According to all the hydrology textbooks there exist three types of river that can be defined according to the topology of their channels: straight meandering and braided:
That sounds very clear and simple enough, But it all started going pear shaped when I tried to understand why braided rivers form: because if they are a unique form of river, then there ought to be something causing them.
However, as the following shows, there is no clear cut change from a meandering to a braided river. Instead natural rivers exist in a variety of forms, the same river often appearing meandering with islands, but also the individual channels within a “braided” river meander:
I started getting suspicious when I tried to pin down the supposed reasons causing braided rivers. And then it all stated getting very nebulous: Braided channels are most common in areas of moderately steep gradient (so steep), but they also occur in low gradients like Deltas (so not steep) and in areas of variable discharge (variable) but also in deltas where there is constant discharge (constant).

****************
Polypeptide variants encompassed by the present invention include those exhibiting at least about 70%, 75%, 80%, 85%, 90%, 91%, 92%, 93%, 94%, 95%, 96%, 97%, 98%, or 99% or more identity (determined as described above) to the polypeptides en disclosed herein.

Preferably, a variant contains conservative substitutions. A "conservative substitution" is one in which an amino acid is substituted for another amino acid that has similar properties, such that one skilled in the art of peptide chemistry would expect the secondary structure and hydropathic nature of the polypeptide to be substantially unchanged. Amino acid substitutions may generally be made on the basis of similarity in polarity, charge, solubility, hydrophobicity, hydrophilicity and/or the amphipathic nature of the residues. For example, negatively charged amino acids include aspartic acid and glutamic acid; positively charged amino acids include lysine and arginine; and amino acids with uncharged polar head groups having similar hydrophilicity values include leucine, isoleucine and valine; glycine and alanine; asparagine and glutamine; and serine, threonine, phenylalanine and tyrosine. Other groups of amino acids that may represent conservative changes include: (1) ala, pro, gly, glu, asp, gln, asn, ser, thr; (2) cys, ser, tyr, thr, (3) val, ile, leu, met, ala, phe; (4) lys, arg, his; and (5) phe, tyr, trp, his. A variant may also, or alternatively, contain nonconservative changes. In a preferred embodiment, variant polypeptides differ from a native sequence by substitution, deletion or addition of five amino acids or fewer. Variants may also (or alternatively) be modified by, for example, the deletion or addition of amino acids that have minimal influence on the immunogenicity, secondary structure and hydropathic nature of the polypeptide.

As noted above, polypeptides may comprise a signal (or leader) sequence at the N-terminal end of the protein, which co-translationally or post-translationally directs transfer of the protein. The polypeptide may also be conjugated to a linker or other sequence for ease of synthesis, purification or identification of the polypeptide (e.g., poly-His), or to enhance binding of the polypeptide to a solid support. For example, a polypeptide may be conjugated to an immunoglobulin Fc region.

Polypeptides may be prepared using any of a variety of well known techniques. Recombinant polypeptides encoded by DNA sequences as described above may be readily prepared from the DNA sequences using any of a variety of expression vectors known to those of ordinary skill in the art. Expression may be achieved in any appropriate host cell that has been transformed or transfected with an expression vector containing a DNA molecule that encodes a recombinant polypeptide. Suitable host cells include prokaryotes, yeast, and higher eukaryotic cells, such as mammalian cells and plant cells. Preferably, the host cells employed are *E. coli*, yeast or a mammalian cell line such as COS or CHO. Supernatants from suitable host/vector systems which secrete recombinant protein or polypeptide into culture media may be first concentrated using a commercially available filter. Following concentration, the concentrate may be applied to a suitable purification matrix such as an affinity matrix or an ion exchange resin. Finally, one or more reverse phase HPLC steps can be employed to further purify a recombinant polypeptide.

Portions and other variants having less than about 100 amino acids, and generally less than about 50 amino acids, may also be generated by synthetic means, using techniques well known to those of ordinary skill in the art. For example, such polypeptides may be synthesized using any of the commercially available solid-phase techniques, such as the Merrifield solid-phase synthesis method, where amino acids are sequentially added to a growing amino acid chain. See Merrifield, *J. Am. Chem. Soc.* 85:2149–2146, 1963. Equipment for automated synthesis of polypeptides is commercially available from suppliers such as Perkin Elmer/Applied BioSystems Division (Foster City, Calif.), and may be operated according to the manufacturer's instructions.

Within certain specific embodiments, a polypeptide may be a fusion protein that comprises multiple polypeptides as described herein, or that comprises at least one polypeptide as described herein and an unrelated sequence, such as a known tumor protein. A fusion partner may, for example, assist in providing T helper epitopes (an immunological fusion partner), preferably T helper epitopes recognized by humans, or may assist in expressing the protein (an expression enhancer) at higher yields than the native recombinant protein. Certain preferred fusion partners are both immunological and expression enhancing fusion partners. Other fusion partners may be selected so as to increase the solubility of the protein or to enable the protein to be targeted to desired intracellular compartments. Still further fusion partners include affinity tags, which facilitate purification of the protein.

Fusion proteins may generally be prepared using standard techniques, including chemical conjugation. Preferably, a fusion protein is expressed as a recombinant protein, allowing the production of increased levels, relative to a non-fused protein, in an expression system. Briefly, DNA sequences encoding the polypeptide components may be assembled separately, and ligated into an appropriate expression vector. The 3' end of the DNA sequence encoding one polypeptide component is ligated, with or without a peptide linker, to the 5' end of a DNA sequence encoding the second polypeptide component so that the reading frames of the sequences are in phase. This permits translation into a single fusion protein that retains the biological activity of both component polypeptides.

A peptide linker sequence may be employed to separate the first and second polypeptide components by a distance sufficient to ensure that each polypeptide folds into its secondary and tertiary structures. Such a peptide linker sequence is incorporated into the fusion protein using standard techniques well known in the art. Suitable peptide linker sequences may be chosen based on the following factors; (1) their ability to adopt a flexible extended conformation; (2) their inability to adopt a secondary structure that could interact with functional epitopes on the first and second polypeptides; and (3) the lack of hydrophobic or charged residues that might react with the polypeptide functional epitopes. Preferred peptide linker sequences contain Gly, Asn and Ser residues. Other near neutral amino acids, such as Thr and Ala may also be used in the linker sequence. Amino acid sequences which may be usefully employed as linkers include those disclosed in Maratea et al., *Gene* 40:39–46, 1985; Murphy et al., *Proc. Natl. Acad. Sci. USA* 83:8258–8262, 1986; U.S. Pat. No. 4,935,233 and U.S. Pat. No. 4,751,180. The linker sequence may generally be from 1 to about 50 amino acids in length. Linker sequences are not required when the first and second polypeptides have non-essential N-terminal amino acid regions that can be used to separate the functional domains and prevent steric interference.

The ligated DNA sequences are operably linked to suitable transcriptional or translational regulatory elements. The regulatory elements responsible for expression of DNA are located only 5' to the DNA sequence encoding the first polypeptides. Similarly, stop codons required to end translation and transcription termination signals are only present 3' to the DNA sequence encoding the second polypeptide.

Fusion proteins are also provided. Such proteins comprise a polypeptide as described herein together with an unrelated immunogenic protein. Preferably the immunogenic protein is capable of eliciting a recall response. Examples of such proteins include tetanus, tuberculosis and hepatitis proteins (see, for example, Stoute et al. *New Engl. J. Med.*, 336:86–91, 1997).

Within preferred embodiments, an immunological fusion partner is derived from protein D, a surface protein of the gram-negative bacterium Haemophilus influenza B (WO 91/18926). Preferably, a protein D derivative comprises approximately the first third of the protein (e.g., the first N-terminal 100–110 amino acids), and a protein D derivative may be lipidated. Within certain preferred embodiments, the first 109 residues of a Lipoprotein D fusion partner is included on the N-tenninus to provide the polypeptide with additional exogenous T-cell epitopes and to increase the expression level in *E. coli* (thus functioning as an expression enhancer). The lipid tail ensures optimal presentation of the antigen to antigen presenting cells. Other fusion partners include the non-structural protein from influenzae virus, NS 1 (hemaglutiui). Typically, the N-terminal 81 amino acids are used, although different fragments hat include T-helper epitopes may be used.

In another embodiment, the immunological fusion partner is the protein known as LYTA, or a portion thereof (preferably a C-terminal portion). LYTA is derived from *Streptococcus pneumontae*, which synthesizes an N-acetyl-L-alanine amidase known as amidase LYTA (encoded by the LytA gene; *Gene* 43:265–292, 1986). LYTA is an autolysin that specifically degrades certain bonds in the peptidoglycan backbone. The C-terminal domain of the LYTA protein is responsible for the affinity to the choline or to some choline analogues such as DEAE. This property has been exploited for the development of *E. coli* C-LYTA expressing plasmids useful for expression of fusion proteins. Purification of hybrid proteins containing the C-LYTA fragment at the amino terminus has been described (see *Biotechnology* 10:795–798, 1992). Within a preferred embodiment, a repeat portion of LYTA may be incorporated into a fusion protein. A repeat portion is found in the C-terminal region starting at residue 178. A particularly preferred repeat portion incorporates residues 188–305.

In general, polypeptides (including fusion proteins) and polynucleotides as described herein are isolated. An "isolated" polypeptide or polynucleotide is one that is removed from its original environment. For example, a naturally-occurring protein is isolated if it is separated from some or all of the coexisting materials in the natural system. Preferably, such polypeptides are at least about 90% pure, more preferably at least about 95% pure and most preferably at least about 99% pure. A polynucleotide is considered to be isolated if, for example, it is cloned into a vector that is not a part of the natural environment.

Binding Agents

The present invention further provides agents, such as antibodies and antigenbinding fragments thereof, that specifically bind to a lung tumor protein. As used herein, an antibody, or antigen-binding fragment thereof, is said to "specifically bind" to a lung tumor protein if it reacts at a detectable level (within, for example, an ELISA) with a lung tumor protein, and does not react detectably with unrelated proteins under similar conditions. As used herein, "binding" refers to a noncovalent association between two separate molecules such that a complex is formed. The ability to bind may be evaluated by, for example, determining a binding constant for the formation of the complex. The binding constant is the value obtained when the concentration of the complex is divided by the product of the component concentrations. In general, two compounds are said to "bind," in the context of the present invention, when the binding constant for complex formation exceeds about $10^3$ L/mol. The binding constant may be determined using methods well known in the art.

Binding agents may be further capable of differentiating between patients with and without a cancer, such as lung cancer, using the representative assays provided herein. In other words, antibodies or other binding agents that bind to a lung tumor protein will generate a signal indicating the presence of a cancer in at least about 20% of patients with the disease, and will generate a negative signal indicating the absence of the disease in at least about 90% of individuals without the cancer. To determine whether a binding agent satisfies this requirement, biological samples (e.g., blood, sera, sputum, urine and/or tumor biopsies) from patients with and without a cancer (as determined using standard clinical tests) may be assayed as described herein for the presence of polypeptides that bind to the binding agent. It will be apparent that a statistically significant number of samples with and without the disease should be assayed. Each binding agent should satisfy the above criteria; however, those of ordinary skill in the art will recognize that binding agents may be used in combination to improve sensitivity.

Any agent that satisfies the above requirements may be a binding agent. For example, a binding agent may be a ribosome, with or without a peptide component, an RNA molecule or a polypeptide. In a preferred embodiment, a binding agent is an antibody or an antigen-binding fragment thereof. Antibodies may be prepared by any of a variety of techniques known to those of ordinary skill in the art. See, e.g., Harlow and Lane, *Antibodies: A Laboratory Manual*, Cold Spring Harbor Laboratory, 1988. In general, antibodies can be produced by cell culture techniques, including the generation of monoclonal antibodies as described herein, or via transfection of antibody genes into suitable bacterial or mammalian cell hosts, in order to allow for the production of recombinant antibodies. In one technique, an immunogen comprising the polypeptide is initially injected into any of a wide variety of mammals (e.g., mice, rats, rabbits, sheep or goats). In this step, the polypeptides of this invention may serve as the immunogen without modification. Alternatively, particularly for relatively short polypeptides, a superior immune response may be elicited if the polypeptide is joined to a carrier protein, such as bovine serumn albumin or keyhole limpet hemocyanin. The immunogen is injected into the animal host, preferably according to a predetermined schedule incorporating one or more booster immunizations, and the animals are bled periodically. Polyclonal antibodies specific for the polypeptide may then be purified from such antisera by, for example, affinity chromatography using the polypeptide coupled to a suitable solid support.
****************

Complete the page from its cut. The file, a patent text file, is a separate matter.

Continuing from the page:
So as a last resort I went to Wikipedia: “Braided rivers, as distinct from meandering rivers, occur when a threshold level of sediment load or slope is reached whilst a steep gradient is also maintained” – that sounds as if someone knows what they are talking about. Except that doesn’t explain deltas. Nor does it explain any real river where the flow is constantly changing and with it the sediment load (in flood, most rivers have a massive sediment load compared to “normal” conditions).
And then it all goes totally nuts when you start looking at actual river like the Spey:
Here we see the same section of river, in 2012(left) and 2004 (right). From this we can see the same river is heavily braided in 2012, but in 2004 the same part of the river is now what would be described as “meandering” … that is unless we don’t look at the water and instead look where the vegetation is not growing. Now when we look at the lighter areas which clearly have flowed in floods, the river is braided.
But now let’s go back to the Wikipedia page and look at their iconic image for a “braided” river: